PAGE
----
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as Doctor Crier
as Nurse Carrie
as Officer Ramirez
as Young Jonathan
as Older Black Woman
as Nurse Hatcher
as Officer Poland
as Young Karen
as Wyatt Coleman
as Uncle Percy
as Steven Lavipour
as Suit 1
as Orthodox Man
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Critic Reviews for Lullaby
A raft of fine actors -- including Amy Adams, Richard Jenkins, and Downton Abbey's Jessica Brown Findlay -- are wasted in a sour, callow family drama that mistakes constant yelling for emotional tension and fortune-cookie aphorisms for wisdom.
A film like "Lullaby" should both enlighten and inspire debate. Instead, it feels simultaneously superficial and overbearing, albeit with a few moments that do indeed resonate.
The digital photography is crummy, and the characters who most need to convince ... feel created out of whole cloth. Polyester cloth, at that.
The kind of manipulative, cliché-infested hokum that alienates moviegoers by its insistence on hogging all the tears.
With the ever-expanding number of adults able to stay alive longer because of medical advancements, quality-of-life issues are top of mind for many folks. It's the way the filmmaker makes the point that is the problem.
A tortured weepie that can't quite figure out what sort of movie it is, "Lullaby" wears out its welcome fairly quickly.
Audience Reviews for Lullaby
I loved this film! I can't believe it's only just came to Sky Premieres or that I never noticed it when it was released. Such an emotional moment in a families life conveyed in film. Fabulous cast!!!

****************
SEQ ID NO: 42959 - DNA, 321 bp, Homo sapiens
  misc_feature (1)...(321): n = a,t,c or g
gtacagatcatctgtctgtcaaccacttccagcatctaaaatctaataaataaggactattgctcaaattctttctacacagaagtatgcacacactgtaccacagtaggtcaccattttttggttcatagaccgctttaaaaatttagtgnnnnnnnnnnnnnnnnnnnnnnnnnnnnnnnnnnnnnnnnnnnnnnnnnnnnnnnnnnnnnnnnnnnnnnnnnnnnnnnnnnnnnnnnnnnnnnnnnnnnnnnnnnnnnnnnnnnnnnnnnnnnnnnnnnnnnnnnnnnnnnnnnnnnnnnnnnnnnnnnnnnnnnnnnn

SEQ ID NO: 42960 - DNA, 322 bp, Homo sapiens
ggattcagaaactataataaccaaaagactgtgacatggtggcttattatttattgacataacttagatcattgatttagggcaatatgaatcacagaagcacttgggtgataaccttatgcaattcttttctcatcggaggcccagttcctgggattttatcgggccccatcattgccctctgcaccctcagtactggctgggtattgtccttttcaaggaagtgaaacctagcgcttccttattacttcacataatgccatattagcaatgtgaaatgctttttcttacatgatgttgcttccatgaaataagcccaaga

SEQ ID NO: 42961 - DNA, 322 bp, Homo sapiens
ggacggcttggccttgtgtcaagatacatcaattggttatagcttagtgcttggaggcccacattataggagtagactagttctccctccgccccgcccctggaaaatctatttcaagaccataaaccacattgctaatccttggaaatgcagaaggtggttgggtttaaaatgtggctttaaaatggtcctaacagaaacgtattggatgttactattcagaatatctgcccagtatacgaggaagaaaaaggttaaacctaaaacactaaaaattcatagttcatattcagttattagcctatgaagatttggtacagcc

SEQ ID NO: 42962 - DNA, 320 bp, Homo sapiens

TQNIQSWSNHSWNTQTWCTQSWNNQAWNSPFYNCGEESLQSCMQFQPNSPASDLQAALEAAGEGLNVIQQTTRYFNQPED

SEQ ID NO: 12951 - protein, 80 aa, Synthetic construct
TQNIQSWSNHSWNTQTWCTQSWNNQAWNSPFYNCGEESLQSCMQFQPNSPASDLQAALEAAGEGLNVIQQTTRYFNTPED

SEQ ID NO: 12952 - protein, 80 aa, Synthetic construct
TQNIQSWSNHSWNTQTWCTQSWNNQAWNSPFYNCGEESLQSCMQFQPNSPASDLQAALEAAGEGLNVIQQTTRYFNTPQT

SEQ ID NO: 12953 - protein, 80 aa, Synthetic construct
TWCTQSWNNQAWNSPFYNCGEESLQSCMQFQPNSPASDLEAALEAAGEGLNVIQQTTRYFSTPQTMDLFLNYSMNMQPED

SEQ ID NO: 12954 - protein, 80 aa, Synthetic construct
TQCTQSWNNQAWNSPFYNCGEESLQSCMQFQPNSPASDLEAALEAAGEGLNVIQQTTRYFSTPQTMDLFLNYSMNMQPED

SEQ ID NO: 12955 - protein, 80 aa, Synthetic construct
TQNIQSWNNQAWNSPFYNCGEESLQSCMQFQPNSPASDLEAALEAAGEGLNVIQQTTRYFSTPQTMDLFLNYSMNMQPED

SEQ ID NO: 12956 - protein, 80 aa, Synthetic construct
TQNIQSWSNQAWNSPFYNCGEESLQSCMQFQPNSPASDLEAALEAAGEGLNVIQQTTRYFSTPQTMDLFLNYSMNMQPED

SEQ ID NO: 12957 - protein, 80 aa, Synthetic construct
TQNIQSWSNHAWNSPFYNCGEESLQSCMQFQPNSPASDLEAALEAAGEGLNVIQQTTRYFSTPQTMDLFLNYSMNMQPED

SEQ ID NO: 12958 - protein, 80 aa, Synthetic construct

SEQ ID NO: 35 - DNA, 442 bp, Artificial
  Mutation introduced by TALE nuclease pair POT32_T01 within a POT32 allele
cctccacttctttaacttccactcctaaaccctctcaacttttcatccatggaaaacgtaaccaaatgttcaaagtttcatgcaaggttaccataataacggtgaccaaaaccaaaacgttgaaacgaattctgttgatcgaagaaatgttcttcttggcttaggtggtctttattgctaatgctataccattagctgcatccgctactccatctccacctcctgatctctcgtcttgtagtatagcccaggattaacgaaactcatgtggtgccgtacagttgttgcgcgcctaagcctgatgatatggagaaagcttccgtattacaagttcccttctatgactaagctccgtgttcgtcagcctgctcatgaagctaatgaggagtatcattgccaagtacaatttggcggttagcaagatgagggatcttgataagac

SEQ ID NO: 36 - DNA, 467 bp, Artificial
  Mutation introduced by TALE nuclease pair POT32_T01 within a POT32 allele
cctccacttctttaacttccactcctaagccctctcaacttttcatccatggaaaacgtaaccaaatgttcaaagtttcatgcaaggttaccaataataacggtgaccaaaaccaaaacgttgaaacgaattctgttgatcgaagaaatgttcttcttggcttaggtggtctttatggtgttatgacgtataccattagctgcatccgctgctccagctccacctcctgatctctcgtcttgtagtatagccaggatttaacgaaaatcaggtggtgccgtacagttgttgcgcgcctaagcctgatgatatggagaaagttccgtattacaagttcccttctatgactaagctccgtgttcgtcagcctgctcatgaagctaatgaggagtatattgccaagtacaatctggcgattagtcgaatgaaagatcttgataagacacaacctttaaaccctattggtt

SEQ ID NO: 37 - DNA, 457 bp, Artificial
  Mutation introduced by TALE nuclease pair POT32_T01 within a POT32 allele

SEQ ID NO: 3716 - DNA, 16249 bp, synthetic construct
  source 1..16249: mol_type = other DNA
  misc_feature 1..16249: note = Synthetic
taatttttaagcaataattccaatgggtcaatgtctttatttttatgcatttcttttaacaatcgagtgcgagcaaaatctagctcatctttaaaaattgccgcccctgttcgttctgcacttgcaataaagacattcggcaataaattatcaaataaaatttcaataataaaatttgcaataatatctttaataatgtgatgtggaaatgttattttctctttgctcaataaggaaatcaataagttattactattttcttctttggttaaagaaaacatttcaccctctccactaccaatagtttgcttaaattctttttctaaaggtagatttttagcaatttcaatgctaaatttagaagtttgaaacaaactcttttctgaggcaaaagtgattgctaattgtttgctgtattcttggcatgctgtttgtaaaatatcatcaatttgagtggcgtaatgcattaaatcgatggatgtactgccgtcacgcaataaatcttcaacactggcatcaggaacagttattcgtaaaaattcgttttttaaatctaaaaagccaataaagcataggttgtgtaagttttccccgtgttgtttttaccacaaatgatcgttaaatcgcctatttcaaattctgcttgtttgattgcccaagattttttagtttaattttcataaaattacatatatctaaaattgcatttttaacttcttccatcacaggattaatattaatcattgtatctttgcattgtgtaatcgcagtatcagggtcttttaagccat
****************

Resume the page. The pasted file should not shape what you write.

This is a very powerful movie. Lessons of love, friendship and, most importantly, appreciation of one's family are found throughout this brilliant film. Levitas really knocked this one out of the park, and the all-star cast (namely Jenkins) was the cherry on top.
★★★ (out of four) "Lullaby" walks a tight rope between over-the-top melodrama and undeniable human emotions. When it doesn't know how to gain sympathy for its characters it sets them up on patronizing events so that the audience with start to like them better. On the other hand, the film strikes a cord with its depiction of losing a parent. I recently went through this, as many others have. Many of these moments have the ring of truth. I felt and acted the way the characters did, and I'm sure writer/director Andrew Levitas did as well. How else could he have known? Jonathan (Garrett Hedlund) has been estranged from his family for several years. Now, he is headed back to New York City. His father (Richard Jenkins) is in the hospital, dying of cancer, and wants his wishes of being taken off life-support, fulfilled. The reunion between Jonathan and his sister, Karen, is not a welcome one. The fighting between the two, as well as with the parents escalates, especially when Karen files legal papers in order to prevent the father from being taken off life support. I like Garrett as an actor. He has a "James Dean" vibe. Anne Archer, as his mother, is radiant, and there is decent support from actors like Amy Adams, Terrance Howard, and Jennifer Hudson. I wished some of the unneeded filler scenes had ended up on the cutting room floor. [IMG]http://img.photobucket.com/albums/v48/Zeppo1/Lullaby_zps2dbe197e.jpg[/IMG]
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